3. To the extent that the IIROC panel in this matter relied on Mr. Chen's evidence, was that evidence an opinion of the kind that can be relied on only if from a qualified expert?

[38] Mr. Chen was not qualified as an expert witness at the IIROC hearing. Mr. Sammy submts that the IIROC panel therefore erred by relying on Mr. Chen's opinion as to the risk associated with various securities.

[39] In the paragraph of the IIROC Decision quoted at paragraph [26] above, the IIROC panel twice refers to Mr. Chen's "opinion": first, with respect to "the risk categories into which the various holdings fell"; and second, "about the risk concentrations at different times in the client accounts."

[40] Despite the IIROC panel's use of the word "opinion", we do not accept the submission that Mr. Chen's evidence constituted opinion evidence of the kind that can be received only from a qualified expert. We consider the use of the word "opinion" in this context to have been imprecise and somewhat unfortunate, in that it leads to the confusion that gives rise to Mr. Sammy's submission. However, in our view the use of the word is not determinative. We must look to the nature of the evidence itself.

[41] As reviewed above, Mr. Sammy himself agreed that virtually all the securities at issue (those in the first two categories) were high-risk. To the extent that Mr. Chen described those securities as high-risk, he was merely confirming what Mr. Sammy had explicitly admitted. As Mr. Sammy's counsel fairly conceded at the hearing before us, Mr. Sammy therefore presents no real controversy about those securities.

[42] For the remaining few securities, the issuers' own documents described the securities as high-risk or highly speculative. The IIROC panel's basis for adopting that conclusion was factual. Mr. Chen merely reported these facts to the IIROC panel, based on his investigation, and the panel accepted his evidence. It is significant that Mr. Chen did not offer, and the panel did not seek, his judgment-based analysis of the risk of a security. The methodology he used to discover the facts does not lead to the conclusion that he was expressing an opinion of the kind that could only come from an expert witness.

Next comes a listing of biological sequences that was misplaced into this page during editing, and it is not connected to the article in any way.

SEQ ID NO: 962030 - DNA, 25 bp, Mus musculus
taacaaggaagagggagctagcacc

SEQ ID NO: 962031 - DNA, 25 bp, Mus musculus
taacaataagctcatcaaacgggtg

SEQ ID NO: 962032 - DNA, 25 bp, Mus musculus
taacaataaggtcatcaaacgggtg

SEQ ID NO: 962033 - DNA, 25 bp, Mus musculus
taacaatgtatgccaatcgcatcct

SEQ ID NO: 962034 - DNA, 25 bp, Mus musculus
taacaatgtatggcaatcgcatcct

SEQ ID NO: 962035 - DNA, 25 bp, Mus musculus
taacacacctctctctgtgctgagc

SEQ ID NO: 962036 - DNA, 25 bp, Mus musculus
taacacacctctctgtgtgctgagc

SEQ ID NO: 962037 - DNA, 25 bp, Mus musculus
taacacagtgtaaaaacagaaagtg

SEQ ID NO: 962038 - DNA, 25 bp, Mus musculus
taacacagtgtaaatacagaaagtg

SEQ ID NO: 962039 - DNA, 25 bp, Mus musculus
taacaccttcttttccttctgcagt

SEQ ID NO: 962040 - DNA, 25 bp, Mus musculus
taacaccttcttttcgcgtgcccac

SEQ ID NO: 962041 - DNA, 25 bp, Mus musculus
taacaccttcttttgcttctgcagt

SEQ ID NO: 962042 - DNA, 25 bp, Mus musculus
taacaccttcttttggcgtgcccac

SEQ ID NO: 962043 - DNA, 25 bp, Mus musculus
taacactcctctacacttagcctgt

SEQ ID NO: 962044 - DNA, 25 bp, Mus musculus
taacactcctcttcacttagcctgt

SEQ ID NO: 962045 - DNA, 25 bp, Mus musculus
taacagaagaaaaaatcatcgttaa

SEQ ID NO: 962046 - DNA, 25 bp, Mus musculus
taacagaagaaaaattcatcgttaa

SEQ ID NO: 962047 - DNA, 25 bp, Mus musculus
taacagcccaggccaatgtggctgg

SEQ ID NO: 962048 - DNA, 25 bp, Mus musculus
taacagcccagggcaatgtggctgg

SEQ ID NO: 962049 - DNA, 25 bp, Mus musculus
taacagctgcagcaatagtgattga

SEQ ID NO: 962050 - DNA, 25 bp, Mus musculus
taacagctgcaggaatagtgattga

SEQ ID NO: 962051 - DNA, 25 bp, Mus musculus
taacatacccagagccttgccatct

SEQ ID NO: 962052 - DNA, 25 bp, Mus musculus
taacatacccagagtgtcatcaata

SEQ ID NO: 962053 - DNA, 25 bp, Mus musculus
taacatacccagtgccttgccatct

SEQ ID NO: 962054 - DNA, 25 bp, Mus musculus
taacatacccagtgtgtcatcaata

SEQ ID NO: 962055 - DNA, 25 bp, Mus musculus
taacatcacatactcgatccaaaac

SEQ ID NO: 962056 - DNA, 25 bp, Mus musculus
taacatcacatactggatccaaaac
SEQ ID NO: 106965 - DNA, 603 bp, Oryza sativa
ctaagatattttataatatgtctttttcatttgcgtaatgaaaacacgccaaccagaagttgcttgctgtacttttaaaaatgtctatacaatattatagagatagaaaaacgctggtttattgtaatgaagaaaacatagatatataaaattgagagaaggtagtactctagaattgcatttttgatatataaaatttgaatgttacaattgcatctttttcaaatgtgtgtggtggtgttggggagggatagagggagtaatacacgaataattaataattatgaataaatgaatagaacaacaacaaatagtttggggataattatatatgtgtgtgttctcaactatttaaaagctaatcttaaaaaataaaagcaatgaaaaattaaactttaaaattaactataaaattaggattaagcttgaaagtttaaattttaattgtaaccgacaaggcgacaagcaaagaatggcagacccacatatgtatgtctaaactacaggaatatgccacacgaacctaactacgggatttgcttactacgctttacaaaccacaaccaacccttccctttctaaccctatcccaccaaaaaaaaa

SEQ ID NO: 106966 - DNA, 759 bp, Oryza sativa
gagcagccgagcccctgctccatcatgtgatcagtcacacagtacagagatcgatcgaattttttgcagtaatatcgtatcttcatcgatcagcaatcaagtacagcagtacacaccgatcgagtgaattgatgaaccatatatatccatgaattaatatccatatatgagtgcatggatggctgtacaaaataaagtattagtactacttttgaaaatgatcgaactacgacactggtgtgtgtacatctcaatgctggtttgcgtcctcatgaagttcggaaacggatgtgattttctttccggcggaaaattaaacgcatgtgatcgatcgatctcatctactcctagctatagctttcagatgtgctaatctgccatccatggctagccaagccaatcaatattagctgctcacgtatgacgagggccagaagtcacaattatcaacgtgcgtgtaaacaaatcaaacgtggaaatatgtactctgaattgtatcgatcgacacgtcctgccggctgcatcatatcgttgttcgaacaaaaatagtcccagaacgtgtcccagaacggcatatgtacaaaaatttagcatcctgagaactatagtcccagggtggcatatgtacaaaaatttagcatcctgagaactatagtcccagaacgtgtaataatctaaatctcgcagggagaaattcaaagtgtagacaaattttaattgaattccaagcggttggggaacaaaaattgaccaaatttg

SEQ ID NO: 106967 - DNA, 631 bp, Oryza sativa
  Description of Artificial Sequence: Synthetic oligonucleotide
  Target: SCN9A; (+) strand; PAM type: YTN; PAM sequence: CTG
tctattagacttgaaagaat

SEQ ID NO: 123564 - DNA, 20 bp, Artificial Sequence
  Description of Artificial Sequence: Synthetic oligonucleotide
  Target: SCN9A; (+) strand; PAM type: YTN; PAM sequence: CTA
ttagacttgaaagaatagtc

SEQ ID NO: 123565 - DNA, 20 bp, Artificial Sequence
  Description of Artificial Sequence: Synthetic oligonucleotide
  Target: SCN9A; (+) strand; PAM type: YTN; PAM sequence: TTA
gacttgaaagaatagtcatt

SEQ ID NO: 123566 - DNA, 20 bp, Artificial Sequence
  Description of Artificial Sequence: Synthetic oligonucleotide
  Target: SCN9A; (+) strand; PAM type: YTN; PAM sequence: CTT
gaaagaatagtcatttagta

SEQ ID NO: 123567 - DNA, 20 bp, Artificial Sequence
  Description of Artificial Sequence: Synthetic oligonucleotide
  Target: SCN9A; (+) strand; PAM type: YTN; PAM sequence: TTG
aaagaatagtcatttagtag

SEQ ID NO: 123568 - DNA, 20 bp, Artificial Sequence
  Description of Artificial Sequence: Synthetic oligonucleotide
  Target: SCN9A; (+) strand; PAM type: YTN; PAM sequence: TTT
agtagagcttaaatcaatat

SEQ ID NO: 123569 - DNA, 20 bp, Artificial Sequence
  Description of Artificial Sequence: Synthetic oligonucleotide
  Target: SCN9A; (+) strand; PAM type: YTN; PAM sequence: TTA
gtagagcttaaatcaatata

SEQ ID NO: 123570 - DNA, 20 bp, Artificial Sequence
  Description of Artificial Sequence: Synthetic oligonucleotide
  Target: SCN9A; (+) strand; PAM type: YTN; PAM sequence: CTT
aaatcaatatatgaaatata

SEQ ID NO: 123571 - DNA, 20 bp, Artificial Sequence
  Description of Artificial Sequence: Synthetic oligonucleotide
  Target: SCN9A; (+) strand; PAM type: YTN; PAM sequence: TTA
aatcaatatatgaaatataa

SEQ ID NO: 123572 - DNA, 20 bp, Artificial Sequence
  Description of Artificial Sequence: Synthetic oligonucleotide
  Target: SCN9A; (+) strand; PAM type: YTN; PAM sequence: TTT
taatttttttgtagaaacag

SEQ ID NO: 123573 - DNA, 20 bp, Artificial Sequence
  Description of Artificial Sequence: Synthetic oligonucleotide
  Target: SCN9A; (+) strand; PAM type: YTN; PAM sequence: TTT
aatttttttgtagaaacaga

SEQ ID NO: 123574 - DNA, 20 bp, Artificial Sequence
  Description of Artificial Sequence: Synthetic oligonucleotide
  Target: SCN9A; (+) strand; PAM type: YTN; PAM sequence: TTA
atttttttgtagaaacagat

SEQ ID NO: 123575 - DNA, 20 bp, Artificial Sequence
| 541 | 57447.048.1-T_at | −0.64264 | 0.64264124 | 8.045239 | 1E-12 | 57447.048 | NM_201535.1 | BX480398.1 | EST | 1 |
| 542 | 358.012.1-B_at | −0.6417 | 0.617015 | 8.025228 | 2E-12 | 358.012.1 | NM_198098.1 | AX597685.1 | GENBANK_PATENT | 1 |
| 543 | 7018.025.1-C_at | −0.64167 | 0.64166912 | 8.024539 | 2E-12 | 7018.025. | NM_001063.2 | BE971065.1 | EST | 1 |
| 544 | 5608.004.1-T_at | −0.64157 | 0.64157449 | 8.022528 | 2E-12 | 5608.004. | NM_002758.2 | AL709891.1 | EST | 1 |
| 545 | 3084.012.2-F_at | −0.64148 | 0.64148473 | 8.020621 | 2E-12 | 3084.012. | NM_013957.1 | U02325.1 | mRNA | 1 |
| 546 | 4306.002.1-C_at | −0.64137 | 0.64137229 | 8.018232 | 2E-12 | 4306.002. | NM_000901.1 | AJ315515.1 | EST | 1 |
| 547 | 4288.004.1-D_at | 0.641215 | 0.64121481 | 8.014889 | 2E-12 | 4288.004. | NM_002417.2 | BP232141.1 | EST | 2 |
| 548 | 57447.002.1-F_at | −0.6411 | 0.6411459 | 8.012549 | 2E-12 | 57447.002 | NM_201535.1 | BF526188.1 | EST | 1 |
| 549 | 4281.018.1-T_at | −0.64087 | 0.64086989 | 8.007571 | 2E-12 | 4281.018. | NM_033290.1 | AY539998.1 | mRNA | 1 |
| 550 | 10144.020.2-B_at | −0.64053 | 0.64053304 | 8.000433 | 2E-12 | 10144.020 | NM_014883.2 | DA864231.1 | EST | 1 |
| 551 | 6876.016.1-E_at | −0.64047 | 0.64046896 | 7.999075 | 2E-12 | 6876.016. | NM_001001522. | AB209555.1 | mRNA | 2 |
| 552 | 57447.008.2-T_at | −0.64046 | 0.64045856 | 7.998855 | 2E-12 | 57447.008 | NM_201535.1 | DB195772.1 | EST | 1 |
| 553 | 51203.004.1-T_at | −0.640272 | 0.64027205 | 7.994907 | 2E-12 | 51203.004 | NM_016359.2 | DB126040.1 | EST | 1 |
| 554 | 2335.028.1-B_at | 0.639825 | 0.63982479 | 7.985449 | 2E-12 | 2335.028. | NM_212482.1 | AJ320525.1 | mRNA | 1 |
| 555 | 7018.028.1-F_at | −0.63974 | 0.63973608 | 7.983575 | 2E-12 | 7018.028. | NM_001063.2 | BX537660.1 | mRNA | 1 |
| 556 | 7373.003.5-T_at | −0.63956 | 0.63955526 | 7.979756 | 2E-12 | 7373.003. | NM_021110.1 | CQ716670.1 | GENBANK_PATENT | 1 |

[43] Further, even though Mr. Sammy challenges the method by which the IIROC panel reached its conclusions, he offers no different rating for any security, no contrary evidence that might undermine the panel's conclusions, and no alternative method by which the risk should be assessed. The conclusion that each security is high-risk is amply justified and is uncontradicted.

4. Is there evidence to suggest that the IIROC panel's conclusions about risk concentration in client accounts were incorrect?

[44] Having determined that the securities referred to above were correctly described as being high-risk, we turn to considering the IIROC panel's conclusion that Mr. Sammy "was offside risk tolerance on many occasions".

[45] We begin by noting that in some cases, the risk tolerance recorded on a client's NAAF explicitly allowed for a variance of +/- 20% for each category (high, medium or low), which variance appeared to have been authorized by the client. Mr. Sammy's position that this allowance applied to each of his clients could not be substantiated in all cases by documentary evidence, but was uncontradicted.

[46] The IIROC panel reviewed charts prepared by IIROC staff showing in each account the concentration of the five securities referred to in paragraph [30] above, as well as the concentration of other high-risk securities. We reviewed the same charts.

[47] Even if only the five commonly-found securities are considered, and even assuming an allowable 20% variance in the case of every client, the concentration of high-risk securities regularly exceeded stated tolerances. This occurred in at least the following instances:

a. in client N.A.'s margin account, for 12 out of 24 month-ends during 2010 and 2011;

b. in client N.A.'s Registered Savings Plan ("RSP") account, for 18 out of 24 month-ends;